Liam Fay: Government dimmer than a candle in a blackout if it thinks it can park pylon row
Ireland's prosperity and future have been jeopardised by the combined treachery of pinstriped crooks and political fools. But, as Kenny explained during his visit to Saudi Arabia, the real economic vandals are provincial rubes with placards. It's the anti-pylon protesters and their backwoods mentality, y'see, that have caused mass emigration.
Plans by the energy utility EirGrid to erect 1,500 new pylons across the countryside -- to facilitate installation of 800km of high-voltage cables -- are being met by fierce and mounting public resistance. The citizens expected to live within the shadow and force-fields of these pylons have an array of legitimate concerns about the potential impact on everything from their health to their homes.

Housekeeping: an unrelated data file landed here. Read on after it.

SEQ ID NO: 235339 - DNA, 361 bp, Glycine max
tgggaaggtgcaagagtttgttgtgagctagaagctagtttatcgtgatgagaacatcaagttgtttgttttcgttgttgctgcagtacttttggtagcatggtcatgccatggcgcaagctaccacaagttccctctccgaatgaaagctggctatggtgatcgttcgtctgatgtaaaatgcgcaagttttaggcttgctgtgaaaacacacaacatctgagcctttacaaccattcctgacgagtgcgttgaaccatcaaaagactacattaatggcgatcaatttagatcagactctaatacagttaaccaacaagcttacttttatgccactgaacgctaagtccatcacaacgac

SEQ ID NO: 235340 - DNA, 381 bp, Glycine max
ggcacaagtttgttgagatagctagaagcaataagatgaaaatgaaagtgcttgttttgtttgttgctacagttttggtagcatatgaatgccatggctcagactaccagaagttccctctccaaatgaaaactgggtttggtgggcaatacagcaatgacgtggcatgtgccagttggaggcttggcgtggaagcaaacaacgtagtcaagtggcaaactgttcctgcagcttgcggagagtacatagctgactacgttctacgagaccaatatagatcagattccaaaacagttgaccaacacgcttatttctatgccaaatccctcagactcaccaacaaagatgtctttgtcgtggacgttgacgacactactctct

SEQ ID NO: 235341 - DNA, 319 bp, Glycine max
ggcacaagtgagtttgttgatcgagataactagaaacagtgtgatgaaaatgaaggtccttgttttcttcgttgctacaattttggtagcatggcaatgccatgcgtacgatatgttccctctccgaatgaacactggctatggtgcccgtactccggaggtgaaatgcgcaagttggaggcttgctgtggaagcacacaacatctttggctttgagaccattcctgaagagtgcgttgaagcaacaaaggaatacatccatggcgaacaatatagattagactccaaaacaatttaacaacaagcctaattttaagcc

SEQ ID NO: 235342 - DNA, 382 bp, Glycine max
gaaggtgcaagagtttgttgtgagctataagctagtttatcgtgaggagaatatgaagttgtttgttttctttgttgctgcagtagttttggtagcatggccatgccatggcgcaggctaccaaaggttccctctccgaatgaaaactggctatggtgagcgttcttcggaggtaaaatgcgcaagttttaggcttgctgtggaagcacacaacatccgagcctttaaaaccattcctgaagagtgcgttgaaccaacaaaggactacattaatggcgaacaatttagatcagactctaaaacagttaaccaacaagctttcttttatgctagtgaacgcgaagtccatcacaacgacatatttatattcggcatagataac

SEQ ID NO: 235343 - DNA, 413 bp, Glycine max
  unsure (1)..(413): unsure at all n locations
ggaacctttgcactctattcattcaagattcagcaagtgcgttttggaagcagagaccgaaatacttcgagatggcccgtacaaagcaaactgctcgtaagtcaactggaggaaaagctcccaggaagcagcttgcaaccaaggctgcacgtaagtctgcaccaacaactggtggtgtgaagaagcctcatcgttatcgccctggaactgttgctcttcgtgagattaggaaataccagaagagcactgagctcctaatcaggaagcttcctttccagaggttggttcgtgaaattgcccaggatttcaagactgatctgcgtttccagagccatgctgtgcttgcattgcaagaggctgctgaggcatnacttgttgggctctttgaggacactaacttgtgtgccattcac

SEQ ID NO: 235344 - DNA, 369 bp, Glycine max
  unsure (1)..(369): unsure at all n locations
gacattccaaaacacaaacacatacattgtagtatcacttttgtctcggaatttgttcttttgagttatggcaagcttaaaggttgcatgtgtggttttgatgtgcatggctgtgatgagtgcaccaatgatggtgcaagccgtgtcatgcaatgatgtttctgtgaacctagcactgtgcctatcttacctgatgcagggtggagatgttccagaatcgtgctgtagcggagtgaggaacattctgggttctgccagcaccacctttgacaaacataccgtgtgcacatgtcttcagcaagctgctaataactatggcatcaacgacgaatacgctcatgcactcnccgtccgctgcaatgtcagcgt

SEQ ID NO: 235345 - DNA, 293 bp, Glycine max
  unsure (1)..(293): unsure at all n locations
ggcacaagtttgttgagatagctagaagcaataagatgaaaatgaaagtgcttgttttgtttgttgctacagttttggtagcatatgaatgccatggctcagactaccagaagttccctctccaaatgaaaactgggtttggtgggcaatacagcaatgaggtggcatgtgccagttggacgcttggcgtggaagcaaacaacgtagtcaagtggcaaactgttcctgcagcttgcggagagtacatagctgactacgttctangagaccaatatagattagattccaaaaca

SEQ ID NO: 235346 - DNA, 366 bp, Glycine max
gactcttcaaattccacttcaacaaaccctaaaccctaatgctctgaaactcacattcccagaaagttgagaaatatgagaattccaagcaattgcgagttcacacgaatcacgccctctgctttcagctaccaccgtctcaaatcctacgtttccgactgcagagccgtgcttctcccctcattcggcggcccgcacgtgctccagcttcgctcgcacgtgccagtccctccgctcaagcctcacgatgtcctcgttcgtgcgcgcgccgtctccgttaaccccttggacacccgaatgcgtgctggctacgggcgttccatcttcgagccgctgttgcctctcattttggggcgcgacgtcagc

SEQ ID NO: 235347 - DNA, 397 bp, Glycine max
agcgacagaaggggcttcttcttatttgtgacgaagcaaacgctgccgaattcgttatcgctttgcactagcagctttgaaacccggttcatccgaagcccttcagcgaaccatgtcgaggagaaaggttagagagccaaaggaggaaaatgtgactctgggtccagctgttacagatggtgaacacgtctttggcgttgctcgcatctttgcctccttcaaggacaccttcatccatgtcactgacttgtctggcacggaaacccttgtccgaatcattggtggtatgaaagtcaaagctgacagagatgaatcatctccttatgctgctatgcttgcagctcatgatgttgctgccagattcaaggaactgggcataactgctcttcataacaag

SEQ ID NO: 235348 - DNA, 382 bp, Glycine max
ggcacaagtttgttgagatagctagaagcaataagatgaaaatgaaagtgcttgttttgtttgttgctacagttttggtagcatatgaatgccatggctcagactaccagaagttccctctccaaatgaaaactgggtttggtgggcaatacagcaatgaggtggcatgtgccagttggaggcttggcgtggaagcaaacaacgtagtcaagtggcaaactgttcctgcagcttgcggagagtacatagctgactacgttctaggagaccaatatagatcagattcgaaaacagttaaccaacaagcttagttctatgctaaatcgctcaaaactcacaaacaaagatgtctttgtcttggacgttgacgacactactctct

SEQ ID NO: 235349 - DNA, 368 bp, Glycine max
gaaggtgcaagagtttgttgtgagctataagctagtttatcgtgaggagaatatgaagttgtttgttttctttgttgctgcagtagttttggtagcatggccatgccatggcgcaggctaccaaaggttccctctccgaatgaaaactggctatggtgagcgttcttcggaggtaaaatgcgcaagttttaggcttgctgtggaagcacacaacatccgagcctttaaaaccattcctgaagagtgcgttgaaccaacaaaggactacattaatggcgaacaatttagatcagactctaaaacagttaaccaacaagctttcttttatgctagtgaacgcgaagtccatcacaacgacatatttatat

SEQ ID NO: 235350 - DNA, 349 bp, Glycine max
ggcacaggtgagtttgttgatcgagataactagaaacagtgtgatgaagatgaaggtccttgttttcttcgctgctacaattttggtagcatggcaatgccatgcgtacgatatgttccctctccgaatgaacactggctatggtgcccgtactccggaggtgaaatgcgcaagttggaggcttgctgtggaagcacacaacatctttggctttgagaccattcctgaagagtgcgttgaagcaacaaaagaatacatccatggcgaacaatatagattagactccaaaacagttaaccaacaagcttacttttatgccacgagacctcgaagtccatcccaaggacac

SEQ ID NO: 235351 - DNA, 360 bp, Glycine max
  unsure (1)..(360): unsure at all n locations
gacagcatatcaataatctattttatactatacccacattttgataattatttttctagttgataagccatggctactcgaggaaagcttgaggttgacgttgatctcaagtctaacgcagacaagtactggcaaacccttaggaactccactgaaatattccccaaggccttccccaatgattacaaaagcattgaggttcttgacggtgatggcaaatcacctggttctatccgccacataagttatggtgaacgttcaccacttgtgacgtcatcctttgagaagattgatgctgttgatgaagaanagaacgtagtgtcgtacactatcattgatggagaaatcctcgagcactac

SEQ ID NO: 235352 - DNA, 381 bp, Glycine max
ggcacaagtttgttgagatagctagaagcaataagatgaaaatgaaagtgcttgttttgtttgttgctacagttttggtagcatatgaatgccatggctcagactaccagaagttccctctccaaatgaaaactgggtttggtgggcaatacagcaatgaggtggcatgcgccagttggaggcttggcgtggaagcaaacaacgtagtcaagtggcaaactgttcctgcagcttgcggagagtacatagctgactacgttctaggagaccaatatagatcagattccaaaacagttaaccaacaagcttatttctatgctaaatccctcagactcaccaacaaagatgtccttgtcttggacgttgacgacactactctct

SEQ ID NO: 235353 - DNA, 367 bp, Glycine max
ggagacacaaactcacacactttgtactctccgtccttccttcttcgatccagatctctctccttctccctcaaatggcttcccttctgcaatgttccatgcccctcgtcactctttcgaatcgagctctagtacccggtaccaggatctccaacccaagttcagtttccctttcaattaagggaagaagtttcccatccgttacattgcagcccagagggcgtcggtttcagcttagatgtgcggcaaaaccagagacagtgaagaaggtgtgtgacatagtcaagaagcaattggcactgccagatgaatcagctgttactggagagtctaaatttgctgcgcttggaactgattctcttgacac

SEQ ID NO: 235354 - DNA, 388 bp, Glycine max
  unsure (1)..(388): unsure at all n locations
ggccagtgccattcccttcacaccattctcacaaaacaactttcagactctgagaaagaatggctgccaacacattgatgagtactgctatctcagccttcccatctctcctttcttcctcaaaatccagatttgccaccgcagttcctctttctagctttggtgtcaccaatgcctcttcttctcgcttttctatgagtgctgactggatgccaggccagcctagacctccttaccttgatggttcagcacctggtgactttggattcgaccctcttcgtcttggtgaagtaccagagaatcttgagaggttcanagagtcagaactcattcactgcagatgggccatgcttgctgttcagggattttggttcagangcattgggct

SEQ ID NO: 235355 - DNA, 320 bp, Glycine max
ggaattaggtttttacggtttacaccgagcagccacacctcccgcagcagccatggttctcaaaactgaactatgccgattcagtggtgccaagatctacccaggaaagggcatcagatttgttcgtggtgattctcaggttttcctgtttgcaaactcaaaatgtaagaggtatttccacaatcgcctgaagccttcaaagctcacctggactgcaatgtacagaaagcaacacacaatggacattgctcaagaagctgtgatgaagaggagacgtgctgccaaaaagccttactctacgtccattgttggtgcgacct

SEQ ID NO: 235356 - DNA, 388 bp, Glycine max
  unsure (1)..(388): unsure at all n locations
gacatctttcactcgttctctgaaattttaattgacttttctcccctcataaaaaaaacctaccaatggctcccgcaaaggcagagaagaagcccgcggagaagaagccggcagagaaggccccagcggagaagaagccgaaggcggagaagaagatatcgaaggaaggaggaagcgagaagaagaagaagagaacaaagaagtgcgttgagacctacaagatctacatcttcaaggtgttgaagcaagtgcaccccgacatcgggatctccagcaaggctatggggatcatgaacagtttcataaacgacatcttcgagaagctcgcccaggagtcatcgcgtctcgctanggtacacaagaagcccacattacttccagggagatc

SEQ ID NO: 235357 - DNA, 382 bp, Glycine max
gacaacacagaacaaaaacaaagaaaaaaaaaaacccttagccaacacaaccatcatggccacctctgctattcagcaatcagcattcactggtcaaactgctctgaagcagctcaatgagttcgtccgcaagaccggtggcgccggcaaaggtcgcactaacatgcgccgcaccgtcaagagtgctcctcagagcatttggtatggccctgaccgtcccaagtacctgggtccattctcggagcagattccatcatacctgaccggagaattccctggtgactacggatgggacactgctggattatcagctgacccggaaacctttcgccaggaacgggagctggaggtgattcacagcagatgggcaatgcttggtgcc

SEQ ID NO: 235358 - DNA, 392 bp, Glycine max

By campaigning against Grid Link, as EirGrid's project is called, these individuals believe they are acting in the best interests of their families and communities. But that is not how Kenny wants you to see them. As far as he's concerned, the protesters are anti-progress and anti-jobs. There was a discernible edge to his voice as he suggested that many young people might "have to emigrate" if the network of pylons is not built as planned.